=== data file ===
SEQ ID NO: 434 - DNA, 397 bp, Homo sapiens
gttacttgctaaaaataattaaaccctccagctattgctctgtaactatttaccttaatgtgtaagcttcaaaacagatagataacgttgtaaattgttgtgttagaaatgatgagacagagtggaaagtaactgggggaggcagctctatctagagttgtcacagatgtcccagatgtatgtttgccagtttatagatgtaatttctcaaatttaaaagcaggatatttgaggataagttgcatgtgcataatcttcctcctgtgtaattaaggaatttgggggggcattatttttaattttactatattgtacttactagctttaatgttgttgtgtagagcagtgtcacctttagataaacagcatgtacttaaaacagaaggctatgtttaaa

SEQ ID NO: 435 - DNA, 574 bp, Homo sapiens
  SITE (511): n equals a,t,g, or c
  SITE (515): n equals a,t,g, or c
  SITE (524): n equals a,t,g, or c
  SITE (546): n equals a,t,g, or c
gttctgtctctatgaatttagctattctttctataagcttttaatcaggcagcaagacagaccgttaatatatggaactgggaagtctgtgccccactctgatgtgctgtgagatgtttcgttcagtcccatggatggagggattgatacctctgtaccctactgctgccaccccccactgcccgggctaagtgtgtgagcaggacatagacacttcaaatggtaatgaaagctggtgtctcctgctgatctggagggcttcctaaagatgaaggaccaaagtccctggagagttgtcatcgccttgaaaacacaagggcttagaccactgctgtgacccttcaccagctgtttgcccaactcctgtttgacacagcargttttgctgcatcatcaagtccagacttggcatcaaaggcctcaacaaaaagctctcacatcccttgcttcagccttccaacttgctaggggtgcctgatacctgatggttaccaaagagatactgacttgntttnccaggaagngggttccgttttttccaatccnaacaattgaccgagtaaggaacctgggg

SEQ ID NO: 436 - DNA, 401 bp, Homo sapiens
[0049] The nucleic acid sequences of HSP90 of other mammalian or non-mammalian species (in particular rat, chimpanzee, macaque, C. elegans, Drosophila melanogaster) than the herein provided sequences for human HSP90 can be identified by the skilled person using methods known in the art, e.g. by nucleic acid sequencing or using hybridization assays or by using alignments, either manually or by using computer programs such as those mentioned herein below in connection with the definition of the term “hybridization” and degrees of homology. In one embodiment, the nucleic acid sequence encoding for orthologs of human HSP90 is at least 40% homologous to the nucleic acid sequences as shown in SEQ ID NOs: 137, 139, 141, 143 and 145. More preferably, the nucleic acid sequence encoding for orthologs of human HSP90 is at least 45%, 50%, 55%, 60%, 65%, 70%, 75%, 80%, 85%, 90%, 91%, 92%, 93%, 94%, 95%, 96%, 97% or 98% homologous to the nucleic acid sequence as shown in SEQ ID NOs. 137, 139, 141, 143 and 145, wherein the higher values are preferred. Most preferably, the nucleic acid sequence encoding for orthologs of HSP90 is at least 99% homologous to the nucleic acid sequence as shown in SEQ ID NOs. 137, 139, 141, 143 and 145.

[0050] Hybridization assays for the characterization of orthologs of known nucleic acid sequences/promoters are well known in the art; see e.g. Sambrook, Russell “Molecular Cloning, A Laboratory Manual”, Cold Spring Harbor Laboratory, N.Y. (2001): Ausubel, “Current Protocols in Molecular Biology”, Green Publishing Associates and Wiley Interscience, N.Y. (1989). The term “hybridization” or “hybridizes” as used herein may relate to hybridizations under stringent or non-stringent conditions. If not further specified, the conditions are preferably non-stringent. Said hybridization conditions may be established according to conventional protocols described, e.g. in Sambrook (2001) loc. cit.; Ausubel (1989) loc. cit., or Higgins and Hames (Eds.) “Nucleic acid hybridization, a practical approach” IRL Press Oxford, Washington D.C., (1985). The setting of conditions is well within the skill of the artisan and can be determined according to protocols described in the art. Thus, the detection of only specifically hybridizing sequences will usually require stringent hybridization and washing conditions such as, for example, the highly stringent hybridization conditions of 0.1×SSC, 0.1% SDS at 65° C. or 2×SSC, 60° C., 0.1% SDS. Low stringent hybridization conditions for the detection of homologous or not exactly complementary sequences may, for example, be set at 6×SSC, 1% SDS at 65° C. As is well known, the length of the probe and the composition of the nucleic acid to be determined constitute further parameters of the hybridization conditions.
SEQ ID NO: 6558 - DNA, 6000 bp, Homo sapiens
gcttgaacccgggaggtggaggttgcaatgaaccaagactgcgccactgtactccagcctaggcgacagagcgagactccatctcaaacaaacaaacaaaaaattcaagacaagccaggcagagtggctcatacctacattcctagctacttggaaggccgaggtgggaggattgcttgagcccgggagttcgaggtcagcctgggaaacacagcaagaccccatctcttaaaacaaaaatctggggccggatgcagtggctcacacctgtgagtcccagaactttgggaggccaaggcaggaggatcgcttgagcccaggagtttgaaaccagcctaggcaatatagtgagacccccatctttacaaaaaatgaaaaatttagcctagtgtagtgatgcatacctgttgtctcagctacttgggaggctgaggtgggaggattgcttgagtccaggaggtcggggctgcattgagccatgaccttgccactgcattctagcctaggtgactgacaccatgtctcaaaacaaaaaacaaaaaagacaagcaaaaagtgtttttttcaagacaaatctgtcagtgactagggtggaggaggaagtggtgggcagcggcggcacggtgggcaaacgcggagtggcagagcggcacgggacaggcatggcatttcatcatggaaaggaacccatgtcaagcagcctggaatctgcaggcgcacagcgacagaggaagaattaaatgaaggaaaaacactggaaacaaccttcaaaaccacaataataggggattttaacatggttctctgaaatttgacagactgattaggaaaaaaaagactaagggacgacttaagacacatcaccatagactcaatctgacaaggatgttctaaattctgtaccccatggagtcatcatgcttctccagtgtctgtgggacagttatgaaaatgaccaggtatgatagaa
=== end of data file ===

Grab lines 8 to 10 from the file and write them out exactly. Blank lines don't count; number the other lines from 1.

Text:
gttctgtctctatgaatttagctattctttctataagcttttaatcaggcagcaagacagaccgttaatatatggaactgggaagtctgtgccccactctgatgtgctgtgagatgtttcgttcagtcccatggatggagggattgatacctctgtaccctactgctgccaccccccactgcccgggctaagtgtgtgagcaggacatagacacttcaaatggtaatgaaagctggtgtctcctgctgatctggagggcttcctaaagatgaaggaccaaagtccctggagagttgtcatcgccttgaaaacacaagggcttagaccactgctgtgacccttcaccagctgtttgcccaactcctgtttgacacagcargttttgctgcatcatcaagtccagacttggcatcaaaggcctcaacaaaaagctctcacatcccttgcttcagccttccaacttgctaggggtgcctgatacctgatggttaccaaagagatactgacttgntttnccaggaagngggttccgttttttccaatccnaacaattgaccgagtaaggaacctgggg

SEQ ID NO: 436 - DNA, 401 bp, Homo sapiens
[0049] The nucleic acid sequences of HSP90 of other mammalian or non-mammalian species (in particular rat, chimpanzee, macaque, C. elegans, Drosophila melanogaster) than the herein provided sequences for human HSP90 can be identified by the skilled person using methods known in the art, e.g. by nucleic acid sequencing or using hybridization assays or by using alignments, either manually or by using computer programs such as those mentioned herein below in connection with the definition of the term “hybridization” and degrees of homology. In one embodiment, the nucleic acid sequence encoding for orthologs of human HSP90 is at least 40% homologous to the nucleic acid sequences as shown in SEQ ID NOs: 137, 139, 141, 143 and 145. More preferably, the nucleic acid sequence encoding for orthologs of human HSP90 is at least 45%, 50%, 55%, 60%, 65%, 70%, 75%, 80%, 85%, 90%, 91%, 92%, 93%, 94%, 95%, 96%, 97% or 98% homologous to the nucleic acid sequence as shown in SEQ ID NOs. 137, 139, 141, 143 and 145, wherein the higher values are preferred. Most preferably, the nucleic acid sequence encoding for orthologs of HSP90 is at least 99% homologous to the nucleic acid sequence as shown in SEQ ID NOs. 137, 139, 141, 143 and 145.